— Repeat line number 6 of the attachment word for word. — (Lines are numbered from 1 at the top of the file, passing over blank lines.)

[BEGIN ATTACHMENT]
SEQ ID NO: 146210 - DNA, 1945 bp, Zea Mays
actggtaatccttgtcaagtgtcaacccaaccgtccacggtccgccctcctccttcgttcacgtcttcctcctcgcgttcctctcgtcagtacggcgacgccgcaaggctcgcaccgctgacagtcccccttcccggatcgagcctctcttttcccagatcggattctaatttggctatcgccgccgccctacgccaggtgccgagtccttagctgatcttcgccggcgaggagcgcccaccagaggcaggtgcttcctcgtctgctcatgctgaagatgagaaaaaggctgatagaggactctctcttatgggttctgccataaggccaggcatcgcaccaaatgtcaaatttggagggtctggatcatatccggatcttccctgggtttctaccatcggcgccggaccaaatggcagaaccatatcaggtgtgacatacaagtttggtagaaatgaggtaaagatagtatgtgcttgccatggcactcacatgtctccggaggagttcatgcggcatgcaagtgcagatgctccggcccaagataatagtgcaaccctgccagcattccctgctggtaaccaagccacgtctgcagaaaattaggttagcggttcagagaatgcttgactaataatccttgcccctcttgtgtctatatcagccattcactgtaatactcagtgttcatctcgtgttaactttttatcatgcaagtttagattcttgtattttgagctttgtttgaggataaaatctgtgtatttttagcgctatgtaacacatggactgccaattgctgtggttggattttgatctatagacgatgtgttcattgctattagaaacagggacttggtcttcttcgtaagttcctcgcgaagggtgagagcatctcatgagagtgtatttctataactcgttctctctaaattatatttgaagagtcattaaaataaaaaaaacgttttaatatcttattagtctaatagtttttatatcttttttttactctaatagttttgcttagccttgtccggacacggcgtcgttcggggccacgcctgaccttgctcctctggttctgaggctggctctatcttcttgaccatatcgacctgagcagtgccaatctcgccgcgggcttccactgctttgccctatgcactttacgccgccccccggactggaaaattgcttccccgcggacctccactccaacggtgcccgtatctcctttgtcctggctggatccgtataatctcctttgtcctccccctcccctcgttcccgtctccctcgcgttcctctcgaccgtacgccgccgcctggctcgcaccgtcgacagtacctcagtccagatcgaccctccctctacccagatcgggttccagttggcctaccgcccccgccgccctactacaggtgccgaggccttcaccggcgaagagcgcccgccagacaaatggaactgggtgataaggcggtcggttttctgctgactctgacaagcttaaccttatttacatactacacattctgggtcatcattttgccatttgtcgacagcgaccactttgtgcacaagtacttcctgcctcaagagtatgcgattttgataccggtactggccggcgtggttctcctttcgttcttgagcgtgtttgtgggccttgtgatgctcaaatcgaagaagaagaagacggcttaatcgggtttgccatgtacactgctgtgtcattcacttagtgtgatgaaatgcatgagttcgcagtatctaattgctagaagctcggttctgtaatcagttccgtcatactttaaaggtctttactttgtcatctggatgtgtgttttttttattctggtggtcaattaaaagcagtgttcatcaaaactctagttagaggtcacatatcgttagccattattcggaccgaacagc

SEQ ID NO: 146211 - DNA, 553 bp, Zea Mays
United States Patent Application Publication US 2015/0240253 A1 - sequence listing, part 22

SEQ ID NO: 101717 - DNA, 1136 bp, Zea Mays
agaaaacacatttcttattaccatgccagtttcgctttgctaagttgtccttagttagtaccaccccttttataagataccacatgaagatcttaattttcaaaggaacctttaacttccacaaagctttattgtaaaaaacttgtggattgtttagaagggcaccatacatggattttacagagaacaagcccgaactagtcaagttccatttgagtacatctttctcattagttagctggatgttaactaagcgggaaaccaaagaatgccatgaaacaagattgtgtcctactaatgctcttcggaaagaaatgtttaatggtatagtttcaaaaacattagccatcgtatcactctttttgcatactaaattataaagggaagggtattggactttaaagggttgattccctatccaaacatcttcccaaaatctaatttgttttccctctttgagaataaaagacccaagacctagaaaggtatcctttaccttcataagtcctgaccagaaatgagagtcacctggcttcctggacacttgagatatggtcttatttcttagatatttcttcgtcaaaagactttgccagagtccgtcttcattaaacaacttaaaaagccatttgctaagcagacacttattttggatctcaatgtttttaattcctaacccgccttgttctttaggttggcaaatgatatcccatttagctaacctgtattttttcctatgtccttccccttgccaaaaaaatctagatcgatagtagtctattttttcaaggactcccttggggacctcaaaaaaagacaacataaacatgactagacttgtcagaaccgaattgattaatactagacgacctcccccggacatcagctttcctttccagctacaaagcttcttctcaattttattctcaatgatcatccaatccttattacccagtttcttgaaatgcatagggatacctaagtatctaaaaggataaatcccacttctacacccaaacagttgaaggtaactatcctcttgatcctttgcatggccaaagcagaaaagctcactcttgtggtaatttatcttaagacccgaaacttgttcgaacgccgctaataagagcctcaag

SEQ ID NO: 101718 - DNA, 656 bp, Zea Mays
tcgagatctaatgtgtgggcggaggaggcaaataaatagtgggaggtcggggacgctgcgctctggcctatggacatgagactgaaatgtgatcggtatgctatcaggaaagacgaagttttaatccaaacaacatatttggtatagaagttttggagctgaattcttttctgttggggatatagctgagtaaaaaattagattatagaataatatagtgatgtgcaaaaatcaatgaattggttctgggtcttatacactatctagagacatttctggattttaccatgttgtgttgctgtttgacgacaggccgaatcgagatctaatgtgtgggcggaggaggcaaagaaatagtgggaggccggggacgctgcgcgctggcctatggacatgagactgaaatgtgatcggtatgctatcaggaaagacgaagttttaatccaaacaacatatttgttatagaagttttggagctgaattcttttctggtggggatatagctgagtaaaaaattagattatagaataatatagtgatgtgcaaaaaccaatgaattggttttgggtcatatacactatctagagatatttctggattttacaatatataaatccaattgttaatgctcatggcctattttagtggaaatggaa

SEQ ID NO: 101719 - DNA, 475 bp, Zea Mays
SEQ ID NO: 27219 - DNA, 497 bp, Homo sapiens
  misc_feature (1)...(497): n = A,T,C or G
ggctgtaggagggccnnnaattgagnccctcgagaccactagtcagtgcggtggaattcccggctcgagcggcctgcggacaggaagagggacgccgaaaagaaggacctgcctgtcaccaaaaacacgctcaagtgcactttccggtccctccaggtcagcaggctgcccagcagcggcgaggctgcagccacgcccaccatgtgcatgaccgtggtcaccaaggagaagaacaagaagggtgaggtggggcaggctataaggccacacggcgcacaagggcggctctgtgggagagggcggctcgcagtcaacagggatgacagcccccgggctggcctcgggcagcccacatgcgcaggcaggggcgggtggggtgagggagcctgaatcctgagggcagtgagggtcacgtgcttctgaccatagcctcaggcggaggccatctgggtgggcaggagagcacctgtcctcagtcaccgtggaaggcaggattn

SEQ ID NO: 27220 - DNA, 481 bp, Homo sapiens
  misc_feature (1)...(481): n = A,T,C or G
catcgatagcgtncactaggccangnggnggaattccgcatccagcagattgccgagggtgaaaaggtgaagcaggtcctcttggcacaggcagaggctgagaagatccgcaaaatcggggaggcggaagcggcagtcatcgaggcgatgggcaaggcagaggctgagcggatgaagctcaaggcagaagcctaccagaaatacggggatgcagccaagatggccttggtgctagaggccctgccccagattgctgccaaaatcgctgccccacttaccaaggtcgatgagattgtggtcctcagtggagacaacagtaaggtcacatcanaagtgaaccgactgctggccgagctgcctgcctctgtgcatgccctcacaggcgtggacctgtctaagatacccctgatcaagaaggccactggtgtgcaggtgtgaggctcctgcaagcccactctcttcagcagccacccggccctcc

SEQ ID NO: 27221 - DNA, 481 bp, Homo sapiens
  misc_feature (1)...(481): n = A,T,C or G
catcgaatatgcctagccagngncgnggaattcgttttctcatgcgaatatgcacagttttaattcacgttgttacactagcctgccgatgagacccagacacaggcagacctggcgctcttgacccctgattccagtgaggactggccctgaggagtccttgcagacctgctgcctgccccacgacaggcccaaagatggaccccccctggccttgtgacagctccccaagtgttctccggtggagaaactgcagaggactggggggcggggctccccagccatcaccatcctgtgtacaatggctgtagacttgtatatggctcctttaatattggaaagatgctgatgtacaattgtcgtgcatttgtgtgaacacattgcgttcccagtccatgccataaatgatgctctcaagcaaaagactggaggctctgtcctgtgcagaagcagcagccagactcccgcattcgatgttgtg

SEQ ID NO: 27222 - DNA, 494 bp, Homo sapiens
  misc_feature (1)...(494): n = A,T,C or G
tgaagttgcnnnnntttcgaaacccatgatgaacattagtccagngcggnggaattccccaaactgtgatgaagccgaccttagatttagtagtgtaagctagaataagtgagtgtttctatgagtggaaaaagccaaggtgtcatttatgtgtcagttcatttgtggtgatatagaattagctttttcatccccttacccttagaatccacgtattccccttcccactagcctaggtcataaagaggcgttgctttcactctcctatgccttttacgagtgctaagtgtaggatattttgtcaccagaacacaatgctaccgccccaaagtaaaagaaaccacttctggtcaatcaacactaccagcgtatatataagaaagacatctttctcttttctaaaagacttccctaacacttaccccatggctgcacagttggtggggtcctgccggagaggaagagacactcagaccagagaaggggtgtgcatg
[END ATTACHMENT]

agaaaacacatttcttattaccatgccagtttcgctttgctaagttgtccttagttagtaccaccccttttataagataccacatgaagatcttaattttcaaaggaacctttaacttccacaaagctttattgtaaaaaacttgtggattgtttagaagggcaccatacatggattttacagagaacaagcccgaactagtcaagttccatttgagtacatctttctcattagttagctggatgttaactaagcgggaaaccaaagaatgccatgaaacaagattgtgtcctactaatgctcttcggaaagaaatgtttaatggtatagtttcaaaaacattagccatcgtatcactctttttgcatactaaattataaagggaagggtattggactttaaagggttgattccctatccaaacatcttcccaaaatctaatttgttttccctctttgagaataaaagacccaagacctagaaaggtatcctttaccttcataagtcctgaccagaaatgagagtcacctggcttcctggacacttgagatatggtcttatttcttagatatttcttcgtcaaaagactttgccagagtccgtcttcattaaacaacttaaaaagccatttgctaagcagacacttattttggatctcaatgtttttaattcctaacccgccttgttctttaggttggcaaatgatatcccatttagctaacctgtattttttcctatgtccttccccttgccaaaaaaatctagatcgatagtagtctattttttcaaggactcccttggggacctcaaaaaaagacaacataaacatgactagacttgtcagaaccgaattgattaatactagacgacctcccccggacatcagctttcctttccagctacaaagcttcttctcaattttattctcaatgatcatccaatccttattacccagtttcttgaaatgcatagggatacctaagtatctaaaaggataaatcccacttctacacccaaacagttgaaggtaactatcctcttgatcctttgcatggccaaagcagaaaagctcactcttgtggtaatttatcttaagacccgaaacttgttcgaacgccgctaataagagcctcaag